CLEVELAND -- Defensively, the Cleveland Browns had just two reasons to celebrate in the 29-10 season-opening loss to the Philadelphia Eagles at Lincoln Financial Field last Sunday when linebacker Christian Kirksey and rookie defensive lineman Carl Nassib registered sacks on first-year quarterback Carson Wentz.
Browns head coach Hue Jackson wants more reasons for his players to celebrate on the field, and he wants the defense to lead the charge, starting with today’s game against the Baltimore Ravens at FirstEnergy Stadium.
“I wish I could have seen it,” Jackson said. “We need to get more dances then. We are not getting enough sacks so I can catch this. As long as guys are doing that part right, that does not bother me.
“I want our guys to have a little swagger to them. I do because you have to play that way all the time. I don’t want to be very cheapish about it, but at the same time, I want our guys to play with a little edge to them. If that is what makes us play good, more power to them. As long as the dances don’t turn into something I’ve never seen before, we will be okay.”
Nassib has proven to be an impactful player for the Browns’ defense after once being told at Penn State that he would never make it to the NFL.
The 6-foot-7, 272-pound Nassib entered the NFL Draft after a career year in 2015.
A consensus All-American in 2015, Nassib set a Penn State single-season record with 15.5 sacks last fall, and also, forced six fumbles, the most for any Nittany Lions player since Michael Haynes forced seven turnovers 13 years ago.
For his efforts in 2015, Nassib won the Lombardi (best linebacker/defensive lineman), Ted Hendricks (best defensive end) and Lott IMPACT awards. Also, Nassib was named CBS Sports’ National Defensive Player of the Year.
Despite playing just four snaps total against Michigan and Michigan State late in the season, Nassib led all Football Bowl Championship subdivision players in forced fumbles and sacks, becoming the first Penn State athlete to lead the country in multiple statistical categories in the same season in more than a decade.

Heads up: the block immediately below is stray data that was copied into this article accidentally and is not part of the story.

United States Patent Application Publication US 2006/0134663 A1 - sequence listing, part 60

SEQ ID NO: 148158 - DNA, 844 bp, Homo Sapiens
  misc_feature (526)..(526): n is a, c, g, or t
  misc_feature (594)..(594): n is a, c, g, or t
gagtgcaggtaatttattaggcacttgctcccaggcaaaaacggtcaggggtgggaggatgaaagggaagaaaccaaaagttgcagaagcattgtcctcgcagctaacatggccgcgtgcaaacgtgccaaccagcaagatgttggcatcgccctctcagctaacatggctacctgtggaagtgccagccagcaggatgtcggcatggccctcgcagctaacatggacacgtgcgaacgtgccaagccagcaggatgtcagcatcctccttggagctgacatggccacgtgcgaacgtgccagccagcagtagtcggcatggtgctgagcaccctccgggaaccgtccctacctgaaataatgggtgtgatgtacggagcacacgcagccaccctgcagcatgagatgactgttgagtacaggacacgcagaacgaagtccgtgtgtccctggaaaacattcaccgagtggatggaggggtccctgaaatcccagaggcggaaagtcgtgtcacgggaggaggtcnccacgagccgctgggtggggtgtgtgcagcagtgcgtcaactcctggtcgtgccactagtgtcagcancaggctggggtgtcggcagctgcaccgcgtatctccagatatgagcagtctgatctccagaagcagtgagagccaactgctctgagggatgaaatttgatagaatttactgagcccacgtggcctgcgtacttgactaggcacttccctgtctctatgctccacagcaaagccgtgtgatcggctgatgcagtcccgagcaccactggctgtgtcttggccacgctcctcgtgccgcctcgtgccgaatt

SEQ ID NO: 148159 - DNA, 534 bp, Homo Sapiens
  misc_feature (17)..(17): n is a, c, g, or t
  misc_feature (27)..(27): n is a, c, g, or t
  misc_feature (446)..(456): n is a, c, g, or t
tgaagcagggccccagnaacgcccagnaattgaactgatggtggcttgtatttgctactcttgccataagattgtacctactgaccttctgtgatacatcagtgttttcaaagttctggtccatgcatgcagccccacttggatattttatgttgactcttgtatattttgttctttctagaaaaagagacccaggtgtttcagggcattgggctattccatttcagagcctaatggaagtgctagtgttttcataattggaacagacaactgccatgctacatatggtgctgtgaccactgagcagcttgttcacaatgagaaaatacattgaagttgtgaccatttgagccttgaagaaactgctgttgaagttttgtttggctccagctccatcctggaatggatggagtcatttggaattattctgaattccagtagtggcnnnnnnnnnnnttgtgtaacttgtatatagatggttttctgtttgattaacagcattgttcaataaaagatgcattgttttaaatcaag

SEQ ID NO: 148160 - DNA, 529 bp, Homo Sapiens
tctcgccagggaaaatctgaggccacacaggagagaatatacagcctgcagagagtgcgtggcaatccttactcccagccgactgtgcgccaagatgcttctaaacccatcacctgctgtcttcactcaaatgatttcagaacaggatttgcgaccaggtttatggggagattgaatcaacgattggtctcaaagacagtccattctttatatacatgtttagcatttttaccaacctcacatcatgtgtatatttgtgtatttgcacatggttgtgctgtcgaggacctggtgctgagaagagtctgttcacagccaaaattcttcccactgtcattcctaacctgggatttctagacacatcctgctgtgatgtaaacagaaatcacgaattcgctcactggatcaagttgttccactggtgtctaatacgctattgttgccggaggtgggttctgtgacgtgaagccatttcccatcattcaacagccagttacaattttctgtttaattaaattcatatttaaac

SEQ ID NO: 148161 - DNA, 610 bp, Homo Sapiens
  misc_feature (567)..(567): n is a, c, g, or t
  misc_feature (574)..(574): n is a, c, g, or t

“That is what he is,” Jackson said of Nassib’s tenacity. “He has been that way since I met him. He is a full-speed football player. He likes playing the game. That is the one thing about being a pro football player -- the consistency of doing things the same way all the time. Carl is that kind of guy.”
Second-year defensive tackle Danny Shelton is another player Jackson and the Browns are happy to have on their defensive front, as he is beginning to show glimpses of the kind of player they want to have in the trenches.
“I thought there were some things he did really well,” Jackson said. “At times, he got some knock back on the offensive line. That was a huge improvement. We just need him to do it consistently and do it every game. I think he is trending in that direction. We are looking to forward to watching him play this weekend.
“He is starting to be dominant up front. We know he is a big guy. At the same time, you have to use your athletic ability and use your hands and your legs to push people. He is starting to do that. He is starting to really come on.”